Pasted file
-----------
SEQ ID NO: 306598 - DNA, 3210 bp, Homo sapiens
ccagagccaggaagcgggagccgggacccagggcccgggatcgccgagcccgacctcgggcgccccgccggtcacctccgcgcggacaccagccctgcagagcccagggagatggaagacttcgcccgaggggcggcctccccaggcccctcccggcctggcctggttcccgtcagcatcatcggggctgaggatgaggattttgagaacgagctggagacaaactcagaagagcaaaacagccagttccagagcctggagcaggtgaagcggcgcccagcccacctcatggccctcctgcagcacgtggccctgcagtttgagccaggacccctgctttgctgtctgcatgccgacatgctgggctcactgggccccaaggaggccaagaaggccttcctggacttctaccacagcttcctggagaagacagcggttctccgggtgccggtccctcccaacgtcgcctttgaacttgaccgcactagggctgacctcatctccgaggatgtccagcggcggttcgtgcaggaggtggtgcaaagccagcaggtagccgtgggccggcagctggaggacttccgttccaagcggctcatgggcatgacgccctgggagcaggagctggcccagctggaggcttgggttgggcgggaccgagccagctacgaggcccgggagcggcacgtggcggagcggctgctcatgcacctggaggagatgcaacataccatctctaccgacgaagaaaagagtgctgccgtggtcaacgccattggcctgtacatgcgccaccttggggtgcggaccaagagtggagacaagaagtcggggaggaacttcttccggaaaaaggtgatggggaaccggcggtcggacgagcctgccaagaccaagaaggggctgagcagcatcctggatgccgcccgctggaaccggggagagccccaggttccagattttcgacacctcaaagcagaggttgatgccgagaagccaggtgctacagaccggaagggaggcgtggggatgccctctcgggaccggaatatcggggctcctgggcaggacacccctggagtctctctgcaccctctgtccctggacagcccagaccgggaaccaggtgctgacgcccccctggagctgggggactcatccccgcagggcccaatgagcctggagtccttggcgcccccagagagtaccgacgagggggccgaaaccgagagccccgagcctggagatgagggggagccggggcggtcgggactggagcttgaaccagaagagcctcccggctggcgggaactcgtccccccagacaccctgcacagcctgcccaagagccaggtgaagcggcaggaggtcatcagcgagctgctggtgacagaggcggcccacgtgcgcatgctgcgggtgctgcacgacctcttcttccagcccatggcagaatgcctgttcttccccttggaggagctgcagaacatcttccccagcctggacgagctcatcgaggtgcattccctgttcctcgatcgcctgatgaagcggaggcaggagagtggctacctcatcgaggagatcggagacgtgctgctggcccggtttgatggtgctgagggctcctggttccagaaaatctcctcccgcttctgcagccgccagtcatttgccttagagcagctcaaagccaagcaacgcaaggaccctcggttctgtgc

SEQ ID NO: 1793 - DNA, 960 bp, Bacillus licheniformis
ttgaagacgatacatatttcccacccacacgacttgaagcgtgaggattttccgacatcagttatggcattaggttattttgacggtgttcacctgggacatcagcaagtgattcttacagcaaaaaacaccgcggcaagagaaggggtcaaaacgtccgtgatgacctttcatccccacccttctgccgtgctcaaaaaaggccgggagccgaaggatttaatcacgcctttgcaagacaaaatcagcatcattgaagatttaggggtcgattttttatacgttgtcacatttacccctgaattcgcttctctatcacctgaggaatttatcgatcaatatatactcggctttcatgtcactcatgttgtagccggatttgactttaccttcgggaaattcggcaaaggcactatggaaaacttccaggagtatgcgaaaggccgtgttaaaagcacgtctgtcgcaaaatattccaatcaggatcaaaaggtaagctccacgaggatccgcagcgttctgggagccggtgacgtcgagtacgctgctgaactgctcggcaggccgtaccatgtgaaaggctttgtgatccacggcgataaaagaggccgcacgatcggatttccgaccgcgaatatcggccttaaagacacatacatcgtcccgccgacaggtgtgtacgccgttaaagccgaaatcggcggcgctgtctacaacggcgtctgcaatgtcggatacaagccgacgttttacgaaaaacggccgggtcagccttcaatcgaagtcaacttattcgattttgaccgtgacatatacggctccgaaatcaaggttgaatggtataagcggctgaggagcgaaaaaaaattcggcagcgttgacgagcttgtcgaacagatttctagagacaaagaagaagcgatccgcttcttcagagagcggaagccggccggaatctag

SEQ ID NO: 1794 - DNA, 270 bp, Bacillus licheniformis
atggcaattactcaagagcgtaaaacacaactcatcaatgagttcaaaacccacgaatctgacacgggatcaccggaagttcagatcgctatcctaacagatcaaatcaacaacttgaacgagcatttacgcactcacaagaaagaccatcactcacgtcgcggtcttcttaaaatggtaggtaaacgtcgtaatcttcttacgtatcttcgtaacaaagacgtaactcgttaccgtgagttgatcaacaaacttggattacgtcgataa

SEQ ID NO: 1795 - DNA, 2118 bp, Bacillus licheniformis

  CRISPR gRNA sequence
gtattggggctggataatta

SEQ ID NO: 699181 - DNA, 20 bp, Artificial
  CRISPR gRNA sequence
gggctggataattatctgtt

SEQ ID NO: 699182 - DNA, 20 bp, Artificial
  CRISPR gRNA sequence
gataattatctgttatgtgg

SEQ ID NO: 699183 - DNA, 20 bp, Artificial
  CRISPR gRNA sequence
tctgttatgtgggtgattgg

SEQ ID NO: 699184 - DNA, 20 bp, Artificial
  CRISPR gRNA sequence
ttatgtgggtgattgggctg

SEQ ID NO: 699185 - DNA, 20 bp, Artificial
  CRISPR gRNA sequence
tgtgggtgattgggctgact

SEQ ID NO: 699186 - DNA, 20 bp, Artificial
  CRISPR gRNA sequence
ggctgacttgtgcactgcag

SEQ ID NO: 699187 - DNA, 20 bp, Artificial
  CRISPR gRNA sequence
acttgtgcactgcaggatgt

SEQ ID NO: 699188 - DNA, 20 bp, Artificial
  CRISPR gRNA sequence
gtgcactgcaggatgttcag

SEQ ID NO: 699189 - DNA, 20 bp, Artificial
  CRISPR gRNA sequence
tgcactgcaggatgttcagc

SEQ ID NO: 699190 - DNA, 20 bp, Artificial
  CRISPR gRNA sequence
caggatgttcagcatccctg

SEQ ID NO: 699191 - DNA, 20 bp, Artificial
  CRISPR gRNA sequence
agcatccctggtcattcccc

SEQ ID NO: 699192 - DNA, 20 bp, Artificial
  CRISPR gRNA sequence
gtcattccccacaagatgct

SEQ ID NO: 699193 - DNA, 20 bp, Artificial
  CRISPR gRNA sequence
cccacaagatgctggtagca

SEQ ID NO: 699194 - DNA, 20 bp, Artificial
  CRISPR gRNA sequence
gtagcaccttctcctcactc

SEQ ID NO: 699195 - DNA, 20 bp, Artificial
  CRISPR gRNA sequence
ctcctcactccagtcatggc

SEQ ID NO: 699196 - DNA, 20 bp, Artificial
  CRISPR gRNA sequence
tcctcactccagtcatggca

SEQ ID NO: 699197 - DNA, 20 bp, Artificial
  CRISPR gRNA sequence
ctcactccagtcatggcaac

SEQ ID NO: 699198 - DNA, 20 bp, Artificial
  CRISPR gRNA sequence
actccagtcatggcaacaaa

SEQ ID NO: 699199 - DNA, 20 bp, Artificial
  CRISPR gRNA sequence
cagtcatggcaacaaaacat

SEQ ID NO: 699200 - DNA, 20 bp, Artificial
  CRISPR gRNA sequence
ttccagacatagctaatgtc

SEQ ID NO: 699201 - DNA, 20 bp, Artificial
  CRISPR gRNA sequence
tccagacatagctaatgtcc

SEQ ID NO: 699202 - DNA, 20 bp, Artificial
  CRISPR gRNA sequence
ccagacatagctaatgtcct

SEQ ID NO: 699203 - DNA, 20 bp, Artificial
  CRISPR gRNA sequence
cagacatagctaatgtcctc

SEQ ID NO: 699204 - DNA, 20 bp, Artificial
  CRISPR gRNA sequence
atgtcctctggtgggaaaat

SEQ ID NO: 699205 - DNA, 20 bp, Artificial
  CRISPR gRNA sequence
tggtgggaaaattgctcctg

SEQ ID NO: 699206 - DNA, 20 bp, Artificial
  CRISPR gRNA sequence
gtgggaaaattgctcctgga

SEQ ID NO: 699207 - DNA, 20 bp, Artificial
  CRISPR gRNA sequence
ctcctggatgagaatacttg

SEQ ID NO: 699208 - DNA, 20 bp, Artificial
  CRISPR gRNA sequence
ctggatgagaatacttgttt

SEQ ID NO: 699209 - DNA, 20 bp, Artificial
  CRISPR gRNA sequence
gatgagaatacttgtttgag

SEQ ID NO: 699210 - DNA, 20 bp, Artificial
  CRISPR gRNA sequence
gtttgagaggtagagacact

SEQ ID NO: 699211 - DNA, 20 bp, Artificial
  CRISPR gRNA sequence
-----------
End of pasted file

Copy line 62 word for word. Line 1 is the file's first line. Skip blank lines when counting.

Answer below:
  CRISPR gRNA sequence